14 shiny new books to add to your TBR this March

Books about magical revolutions, immortal beings, space colonies, and more to dive into

14 shiny new books to add to your TBR this March
Image: Andrew Liptak

March 2023 is packed with books: this is the first of two lists that I'll sent out this month (the next will come in a couple of weeks). Books this time around include some new Star Wars adventures, magical revolutions, immortal beings, space colonies, alien invasions, and quite a bit more.

As always, you can find prior recommendations via the Book List tag, which has all of my monthly lists on this newsletter. You can also check out the lists from January and February.

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The Faithless by C.L. Clark (March 7th)

C.L. Clark continues the adventures of Luca and Touraine after their adventures in her first book, The Unbroken. Touraine is a conscripted soldier for the Balladaire Empire who'd been stolen from her homeland as a child, while Luca was an heir to the throne of that empire. That book was one of my favorites of 2021, and followed the pair as revolution blossomed in the city, and as they worked to figure out their relationship.

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In this new installment, Touraine and Luca return to Balladaire as Luca works to reclaim the throne, and set about the difficult task of pulling the empire back in the face of rebel victories.

Dead Country by Max Gladstone (March 7th)

After a short break, Max Gladstone returns to the world of his fantastic Craft Sequence (Three Parts Dead, Two Serpents Rise, Full Fathom Five, Last First Snow, Four Roads Cross, and Ruin of Angels) with Dead Country, which kicks off a new trilogy, the Craft Wars series.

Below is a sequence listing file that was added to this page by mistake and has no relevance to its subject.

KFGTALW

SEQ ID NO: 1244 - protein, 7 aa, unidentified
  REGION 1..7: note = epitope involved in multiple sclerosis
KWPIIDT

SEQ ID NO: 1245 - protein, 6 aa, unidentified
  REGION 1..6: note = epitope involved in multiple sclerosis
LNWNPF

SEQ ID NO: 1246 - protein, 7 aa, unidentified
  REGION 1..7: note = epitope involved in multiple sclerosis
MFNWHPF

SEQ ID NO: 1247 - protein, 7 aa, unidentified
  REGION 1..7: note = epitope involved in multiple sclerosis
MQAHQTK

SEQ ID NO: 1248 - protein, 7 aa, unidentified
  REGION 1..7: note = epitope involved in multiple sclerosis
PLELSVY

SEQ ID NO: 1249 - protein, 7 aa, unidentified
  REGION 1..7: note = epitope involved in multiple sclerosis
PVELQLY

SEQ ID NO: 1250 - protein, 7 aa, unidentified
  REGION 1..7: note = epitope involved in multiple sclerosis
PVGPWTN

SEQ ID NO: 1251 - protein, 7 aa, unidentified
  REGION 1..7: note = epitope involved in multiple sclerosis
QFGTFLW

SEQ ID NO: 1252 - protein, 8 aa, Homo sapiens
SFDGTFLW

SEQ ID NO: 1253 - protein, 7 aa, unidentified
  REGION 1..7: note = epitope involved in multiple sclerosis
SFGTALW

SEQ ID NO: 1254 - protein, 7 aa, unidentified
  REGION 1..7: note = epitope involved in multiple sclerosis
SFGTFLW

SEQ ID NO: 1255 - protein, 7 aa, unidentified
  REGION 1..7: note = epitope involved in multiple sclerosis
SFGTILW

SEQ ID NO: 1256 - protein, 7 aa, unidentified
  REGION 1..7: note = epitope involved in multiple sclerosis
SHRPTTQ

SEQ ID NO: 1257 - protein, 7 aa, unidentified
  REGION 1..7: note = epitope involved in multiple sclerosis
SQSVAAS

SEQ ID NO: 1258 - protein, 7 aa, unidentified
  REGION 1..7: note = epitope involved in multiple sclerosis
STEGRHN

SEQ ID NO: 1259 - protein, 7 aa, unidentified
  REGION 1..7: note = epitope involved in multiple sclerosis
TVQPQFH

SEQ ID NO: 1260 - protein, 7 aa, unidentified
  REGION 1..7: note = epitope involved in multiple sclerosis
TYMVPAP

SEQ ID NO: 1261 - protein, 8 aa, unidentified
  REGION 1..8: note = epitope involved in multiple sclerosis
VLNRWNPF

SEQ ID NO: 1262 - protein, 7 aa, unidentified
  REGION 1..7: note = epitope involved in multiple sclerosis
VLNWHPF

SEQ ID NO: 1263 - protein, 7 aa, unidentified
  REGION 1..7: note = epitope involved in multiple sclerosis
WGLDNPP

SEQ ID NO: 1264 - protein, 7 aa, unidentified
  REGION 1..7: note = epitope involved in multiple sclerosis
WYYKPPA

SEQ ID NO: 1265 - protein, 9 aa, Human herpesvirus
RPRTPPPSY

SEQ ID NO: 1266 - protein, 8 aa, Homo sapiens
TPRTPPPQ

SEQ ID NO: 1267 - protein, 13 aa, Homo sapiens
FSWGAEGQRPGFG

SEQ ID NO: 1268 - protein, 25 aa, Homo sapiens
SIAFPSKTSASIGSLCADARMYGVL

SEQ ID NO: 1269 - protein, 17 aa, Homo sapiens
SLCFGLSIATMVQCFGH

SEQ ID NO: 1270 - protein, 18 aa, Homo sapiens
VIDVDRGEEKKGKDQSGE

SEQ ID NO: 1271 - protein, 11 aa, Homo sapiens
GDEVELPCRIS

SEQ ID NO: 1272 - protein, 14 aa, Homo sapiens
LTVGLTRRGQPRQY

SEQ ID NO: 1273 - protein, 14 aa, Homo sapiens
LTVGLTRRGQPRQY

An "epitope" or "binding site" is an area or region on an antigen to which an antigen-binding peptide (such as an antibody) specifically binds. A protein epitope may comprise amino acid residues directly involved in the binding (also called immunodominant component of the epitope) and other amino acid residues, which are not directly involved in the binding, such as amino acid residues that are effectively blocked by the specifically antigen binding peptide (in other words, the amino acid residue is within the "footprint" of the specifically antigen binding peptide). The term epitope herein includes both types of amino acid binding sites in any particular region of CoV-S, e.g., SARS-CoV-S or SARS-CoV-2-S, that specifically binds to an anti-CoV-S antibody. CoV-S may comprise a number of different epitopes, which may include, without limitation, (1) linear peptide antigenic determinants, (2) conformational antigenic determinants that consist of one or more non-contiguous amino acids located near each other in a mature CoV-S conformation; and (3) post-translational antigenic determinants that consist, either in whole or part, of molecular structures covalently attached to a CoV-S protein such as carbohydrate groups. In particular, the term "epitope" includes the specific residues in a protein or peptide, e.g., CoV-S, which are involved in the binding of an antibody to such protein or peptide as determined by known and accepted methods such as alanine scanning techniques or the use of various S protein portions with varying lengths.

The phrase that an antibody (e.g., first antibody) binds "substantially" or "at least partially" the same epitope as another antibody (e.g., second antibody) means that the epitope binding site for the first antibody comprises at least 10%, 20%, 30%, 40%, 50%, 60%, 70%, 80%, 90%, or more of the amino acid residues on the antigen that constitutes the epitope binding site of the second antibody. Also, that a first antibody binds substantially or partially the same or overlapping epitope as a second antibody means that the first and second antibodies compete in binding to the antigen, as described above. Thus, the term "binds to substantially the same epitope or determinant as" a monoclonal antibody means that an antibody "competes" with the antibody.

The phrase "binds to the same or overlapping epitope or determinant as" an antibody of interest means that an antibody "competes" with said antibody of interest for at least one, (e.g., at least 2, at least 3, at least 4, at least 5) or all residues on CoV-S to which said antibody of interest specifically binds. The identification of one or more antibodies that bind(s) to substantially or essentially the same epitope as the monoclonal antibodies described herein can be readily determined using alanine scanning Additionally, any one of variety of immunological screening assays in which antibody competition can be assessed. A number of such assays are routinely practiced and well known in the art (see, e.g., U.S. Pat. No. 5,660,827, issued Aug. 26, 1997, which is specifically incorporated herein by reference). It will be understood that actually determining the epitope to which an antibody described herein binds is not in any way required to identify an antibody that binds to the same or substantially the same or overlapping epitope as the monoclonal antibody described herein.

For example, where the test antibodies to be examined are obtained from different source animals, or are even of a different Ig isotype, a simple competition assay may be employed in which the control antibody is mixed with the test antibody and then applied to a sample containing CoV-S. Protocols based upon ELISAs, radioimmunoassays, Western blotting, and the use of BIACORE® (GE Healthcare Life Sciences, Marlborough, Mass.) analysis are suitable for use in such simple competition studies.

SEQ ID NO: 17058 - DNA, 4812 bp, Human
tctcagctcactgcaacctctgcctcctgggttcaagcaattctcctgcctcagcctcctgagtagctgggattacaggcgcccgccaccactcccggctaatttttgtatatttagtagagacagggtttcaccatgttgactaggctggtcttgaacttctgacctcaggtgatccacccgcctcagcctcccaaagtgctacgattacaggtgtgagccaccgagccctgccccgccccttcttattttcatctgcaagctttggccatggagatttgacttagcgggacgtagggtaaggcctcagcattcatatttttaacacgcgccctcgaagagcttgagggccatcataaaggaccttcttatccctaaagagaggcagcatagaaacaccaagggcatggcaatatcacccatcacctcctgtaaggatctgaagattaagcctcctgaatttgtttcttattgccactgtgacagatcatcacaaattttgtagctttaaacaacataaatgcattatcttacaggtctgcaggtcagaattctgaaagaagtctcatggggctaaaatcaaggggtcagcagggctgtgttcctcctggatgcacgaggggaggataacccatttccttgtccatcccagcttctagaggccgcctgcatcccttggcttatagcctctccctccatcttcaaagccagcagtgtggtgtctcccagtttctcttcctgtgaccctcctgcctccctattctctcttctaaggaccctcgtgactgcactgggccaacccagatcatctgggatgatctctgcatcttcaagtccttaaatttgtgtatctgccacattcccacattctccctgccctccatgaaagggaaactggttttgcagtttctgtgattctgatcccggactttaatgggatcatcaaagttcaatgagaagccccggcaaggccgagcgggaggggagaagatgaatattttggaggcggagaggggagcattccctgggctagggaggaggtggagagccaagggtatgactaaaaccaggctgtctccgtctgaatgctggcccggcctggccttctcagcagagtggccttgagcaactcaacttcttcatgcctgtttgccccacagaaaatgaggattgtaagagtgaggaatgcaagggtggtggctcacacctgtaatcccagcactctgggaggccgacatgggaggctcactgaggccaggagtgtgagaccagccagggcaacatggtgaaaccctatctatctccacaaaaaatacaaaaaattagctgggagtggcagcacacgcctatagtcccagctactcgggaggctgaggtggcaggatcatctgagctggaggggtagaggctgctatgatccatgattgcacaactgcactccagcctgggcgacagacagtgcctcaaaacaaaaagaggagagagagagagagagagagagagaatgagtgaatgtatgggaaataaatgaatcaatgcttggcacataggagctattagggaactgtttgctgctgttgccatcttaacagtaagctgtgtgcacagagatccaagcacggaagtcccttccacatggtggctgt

In this story, Tara Abernathy (who we saw in Three Parts Dead and Four Roads Cross) returns home to her small town when her father dies. There, she discovers a young girl and saves her from some raiders – cursed, undead creatures that seem to be on the rise. In doing so, she inadvertently begins to change the course of the world.

Publishers Weekly notes that "while the intricate, logic-based magic system still plays a significant role, this tale moves away from the corporate realm of the prior series to delve into an exciting new facet of the Craft Sequence world."

The God of Endings by Jacqueline Holland (March 7th)

Collette LeSange is an immortal being: she was granted this gift and curse in the early 19th century, and has since endured the ups and downs of world history. 150 years later, she's become an artist running an art school for children in New York, and when a new child arrives, she finds her life upended as a figure from her past unexpectedly returns.

Publishers Weekly gave the book a starred review, saying "Holland’s refreshing vampires lean philosophical as they struggle with immense grief and loneliness. The intrinsic magic of her worldbuilding, meanwhile, creates a consistent feeling of mystery."

The Trees Grew Because I Bled There by Eric LaRocca (March 7th)

Eric LaRocca republishes his collection of short horror fiction, which now comes with an introduction from Wanderers author Chuck Wendig. This volume includes eight of his dark short stories, which touch on themes of grief, obsession, control, trauma, and tragedy.

Arca by G.R. MacAllister (March 7th)

G.R. MacAllister continues her Five Queendoms series (begun with Scorpica), an epic fantasy series set in a world where girls are no longer born, kicking off a crisis across the queendoms.

The Drought of Girls has since ended, but the scars that the crisis left run deep: political infighting has made relations difficult between the Queendoms, and in the senate of Paxim, Queen Heliane has worked to see her son on the throne, while across the border with Arca, Scorpican has massed its troops for an invasion, with only a young, inexperienced queen facing them.